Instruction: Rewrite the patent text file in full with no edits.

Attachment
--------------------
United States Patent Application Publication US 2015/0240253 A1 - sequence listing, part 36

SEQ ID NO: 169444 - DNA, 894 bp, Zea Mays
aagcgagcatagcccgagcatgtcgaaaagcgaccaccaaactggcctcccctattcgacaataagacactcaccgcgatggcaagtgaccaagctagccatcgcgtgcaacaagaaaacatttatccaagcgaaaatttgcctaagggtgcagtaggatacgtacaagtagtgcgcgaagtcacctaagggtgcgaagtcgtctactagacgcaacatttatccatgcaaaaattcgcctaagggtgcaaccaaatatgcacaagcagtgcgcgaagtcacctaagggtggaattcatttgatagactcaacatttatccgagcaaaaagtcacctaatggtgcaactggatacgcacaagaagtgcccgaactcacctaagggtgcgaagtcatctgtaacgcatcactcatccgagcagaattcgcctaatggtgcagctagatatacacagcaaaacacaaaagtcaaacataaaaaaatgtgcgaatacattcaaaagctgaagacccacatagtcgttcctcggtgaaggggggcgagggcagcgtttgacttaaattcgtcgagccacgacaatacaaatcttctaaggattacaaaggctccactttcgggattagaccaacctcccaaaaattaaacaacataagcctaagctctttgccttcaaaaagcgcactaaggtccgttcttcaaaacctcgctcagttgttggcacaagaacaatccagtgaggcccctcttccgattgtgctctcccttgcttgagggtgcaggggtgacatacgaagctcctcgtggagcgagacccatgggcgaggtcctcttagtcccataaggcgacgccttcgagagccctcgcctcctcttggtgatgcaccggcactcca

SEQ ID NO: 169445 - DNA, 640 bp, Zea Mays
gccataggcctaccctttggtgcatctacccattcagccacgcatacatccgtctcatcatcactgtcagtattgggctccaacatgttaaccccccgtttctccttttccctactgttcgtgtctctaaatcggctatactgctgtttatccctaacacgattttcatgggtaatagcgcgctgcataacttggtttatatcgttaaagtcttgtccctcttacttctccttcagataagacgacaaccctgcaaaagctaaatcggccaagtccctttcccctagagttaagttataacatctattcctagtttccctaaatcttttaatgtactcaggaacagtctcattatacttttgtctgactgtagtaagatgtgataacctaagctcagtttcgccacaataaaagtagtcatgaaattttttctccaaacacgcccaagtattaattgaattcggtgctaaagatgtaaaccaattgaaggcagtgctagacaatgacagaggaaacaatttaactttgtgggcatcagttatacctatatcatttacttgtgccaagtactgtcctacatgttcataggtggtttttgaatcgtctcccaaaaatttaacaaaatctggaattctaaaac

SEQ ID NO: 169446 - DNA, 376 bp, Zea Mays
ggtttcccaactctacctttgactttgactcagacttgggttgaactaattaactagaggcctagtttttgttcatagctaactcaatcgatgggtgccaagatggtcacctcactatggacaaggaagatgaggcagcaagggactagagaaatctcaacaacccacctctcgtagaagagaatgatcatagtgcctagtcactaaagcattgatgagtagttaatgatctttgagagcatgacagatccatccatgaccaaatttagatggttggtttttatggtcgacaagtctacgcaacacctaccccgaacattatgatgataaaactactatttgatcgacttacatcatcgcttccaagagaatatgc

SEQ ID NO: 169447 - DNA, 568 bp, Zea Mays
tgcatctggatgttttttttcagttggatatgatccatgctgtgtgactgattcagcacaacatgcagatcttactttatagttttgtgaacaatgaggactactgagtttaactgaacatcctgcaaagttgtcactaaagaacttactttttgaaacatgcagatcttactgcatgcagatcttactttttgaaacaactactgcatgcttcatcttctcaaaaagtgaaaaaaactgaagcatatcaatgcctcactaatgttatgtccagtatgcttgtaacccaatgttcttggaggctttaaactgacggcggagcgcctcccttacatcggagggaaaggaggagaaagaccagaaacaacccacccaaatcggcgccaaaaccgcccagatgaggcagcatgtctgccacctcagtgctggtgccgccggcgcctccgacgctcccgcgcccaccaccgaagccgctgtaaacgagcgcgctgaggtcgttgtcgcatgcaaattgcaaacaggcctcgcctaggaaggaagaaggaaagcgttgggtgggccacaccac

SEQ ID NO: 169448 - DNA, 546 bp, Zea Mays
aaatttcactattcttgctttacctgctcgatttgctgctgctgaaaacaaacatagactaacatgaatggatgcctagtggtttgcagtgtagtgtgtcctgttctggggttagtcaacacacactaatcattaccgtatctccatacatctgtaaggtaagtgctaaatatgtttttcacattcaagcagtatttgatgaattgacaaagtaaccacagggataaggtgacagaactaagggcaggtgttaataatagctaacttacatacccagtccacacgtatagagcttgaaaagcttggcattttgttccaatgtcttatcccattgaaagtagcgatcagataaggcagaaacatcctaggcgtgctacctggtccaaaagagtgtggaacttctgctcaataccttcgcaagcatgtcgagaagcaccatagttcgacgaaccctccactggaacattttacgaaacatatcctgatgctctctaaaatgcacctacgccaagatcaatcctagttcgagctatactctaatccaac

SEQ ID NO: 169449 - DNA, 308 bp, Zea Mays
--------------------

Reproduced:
United States Patent Application Publication US 2015/0240253 A1 - sequence listing, part 36

SEQ ID NO: 169444 - DNA, 894 bp, Zea Mays
aagcgagcatagcccgagcatgtcgaaaagcgaccaccaaactggcctcccctattcgacaataagacactcaccgcgatggcaagtgaccaagctagccatcgcgtgcaacaagaaaacatttatccaagcgaaaatttgcctaagggtgcagtaggatacgtacaagtagtgcgcgaagtcacctaagggtgcgaagtcgtctactagacgcaacatttatccatgcaaaaattcgcctaagggtgcaaccaaatatgcacaagcagtgcgcgaagtcacctaagggtggaattcatttgatagactcaacatttatccgagcaaaaagtcacctaatggtgcaactggatacgcacaagaagtgcccgaactcacctaagggtgcgaagtcatctgtaacgcatcactcatccgagcagaattcgcctaatggtgcagctagatatacacagcaaaacacaaaagtcaaacataaaaaaatgtgcgaatacattcaaaagctgaagacccacatagtcgttcctcggtgaaggggggcgagggcagcgtttgacttaaattcgtcgagccacgacaatacaaatcttctaaggattacaaaggctccactttcgggattagaccaacctcccaaaaattaaacaacataagcctaagctctttgccttcaaaaagcgcactaaggtccgttcttcaaaacctcgctcagttgttggcacaagaacaatccagtgaggcccctcttccgattgtgctctcccttgcttgagggtgcaggggtgacatacgaagctcctcgtggagcgagacccatgggcgaggtcctcttagtcccataaggcgacgccttcgagagccctcgcctcctcttggtgatgcaccggcactcca

SEQ ID NO: 169445 - DNA, 640 bp, Zea Mays
gccataggcctaccctttggtgcatctacccattcagccacgcatacatccgtctcatcatcactgtcagtattgggctccaacatgttaaccccccgtttctccttttccctactgttcgtgtctctaaatcggctatactgctgtttatccctaacacgattttcatgggtaatagcgcgctgcataacttggtttatatcgttaaagtcttgtccctcttacttctccttcagataagacgacaaccctgcaaaagctaaatcggccaagtccctttcccctagagttaagttataacatctattcctagtttccctaaatcttttaatgtactcaggaacagtctcattatacttttgtctgactgtagtaagatgtgataacctaagctcagtttcgccacaataaaagtagtcatgaaattttttctccaaacacgcccaagtattaattgaattcggtgctaaagatgtaaaccaattgaaggcagtgctagacaatgacagaggaaacaatttaactttgtgggcatcagttatacctatatcatttacttgtgccaagtactgtcctacatgttcataggtggtttttgaatcgtctcccaaaaatttaacaaaatctggaattctaaaac

SEQ ID NO: 169446 - DNA, 376 bp, Zea Mays
ggtttcccaactctacctttgactttgactcagacttgggttgaactaattaactagaggcctagtttttgttcatagctaactcaatcgatgggtgccaagatggtcacctcactatggacaaggaagatgaggcagcaagggactagagaaatctcaacaacccacctctcgtagaagagaatgatcatagtgcctagtcactaaagcattgatgagtagttaatgatctttgagagcatgacagatccatccatgaccaaatttagatggttggtttttatggtcgacaagtctacgcaacacctaccccgaacattatgatgataaaactactatttgatcgacttacatcatcgcttccaagagaatatgc

SEQ ID NO: 169447 - DNA, 568 bp, Zea Mays
tgcatctggatgttttttttcagttggatatgatccatgctgtgtgactgattcagcacaacatgcagatcttactttatagttttgtgaacaatgaggactactgagtttaactgaacatcctgcaaagttgtcactaaagaacttactttttgaaacatgcagatcttactgcatgcagatcttactttttgaaacaactactgcatgcttcatcttctcaaaaagtgaaaaaaactgaagcatatcaatgcctcactaatgttatgtccagtatgcttgtaacccaatgttcttggaggctttaaactgacggcggagcgcctcccttacatcggagggaaaggaggagaaagaccagaaacaacccacccaaatcggcgccaaaaccgcccagatgaggcagcatgtctgccacctcagtgctggtgccgccggcgcctccgacgctcccgcgcccaccaccgaagccgctgtaaacgagcgcgctgaggtcgttgtcgcatgcaaattgcaaacaggcctcgcctaggaaggaagaaggaaagcgttgggtgggccacaccac

SEQ ID NO: 169448 - DNA, 546 bp, Zea Mays
aaatttcactattcttgctttacctgctcgatttgctgctgctgaaaacaaacatagactaacatgaatggatgcctagtggtttgcagtgtagtgtgtcctgttctggggttagtcaacacacactaatcattaccgtatctccatacatctgtaaggtaagtgctaaatatgtttttcacattcaagcagtatttgatgaattgacaaagtaaccacagggataaggtgacagaactaagggcaggtgttaataatagctaacttacatacccagtccacacgtatagagcttgaaaagcttggcattttgttccaatgtcttatcccattgaaagtagcgatcagataaggcagaaacatcctaggcgtgctacctggtccaaaagagtgtggaacttctgctcaataccttcgcaagcatgtcgagaagcaccatagttcgacgaaccctccactggaacattttacgaaacatatcctgatgctctctaaaatgcacctacgccaagatcaatcctagttcgagctatactctaatccaac

SEQ ID NO: 169449 - DNA, 308 bp, Zea Mays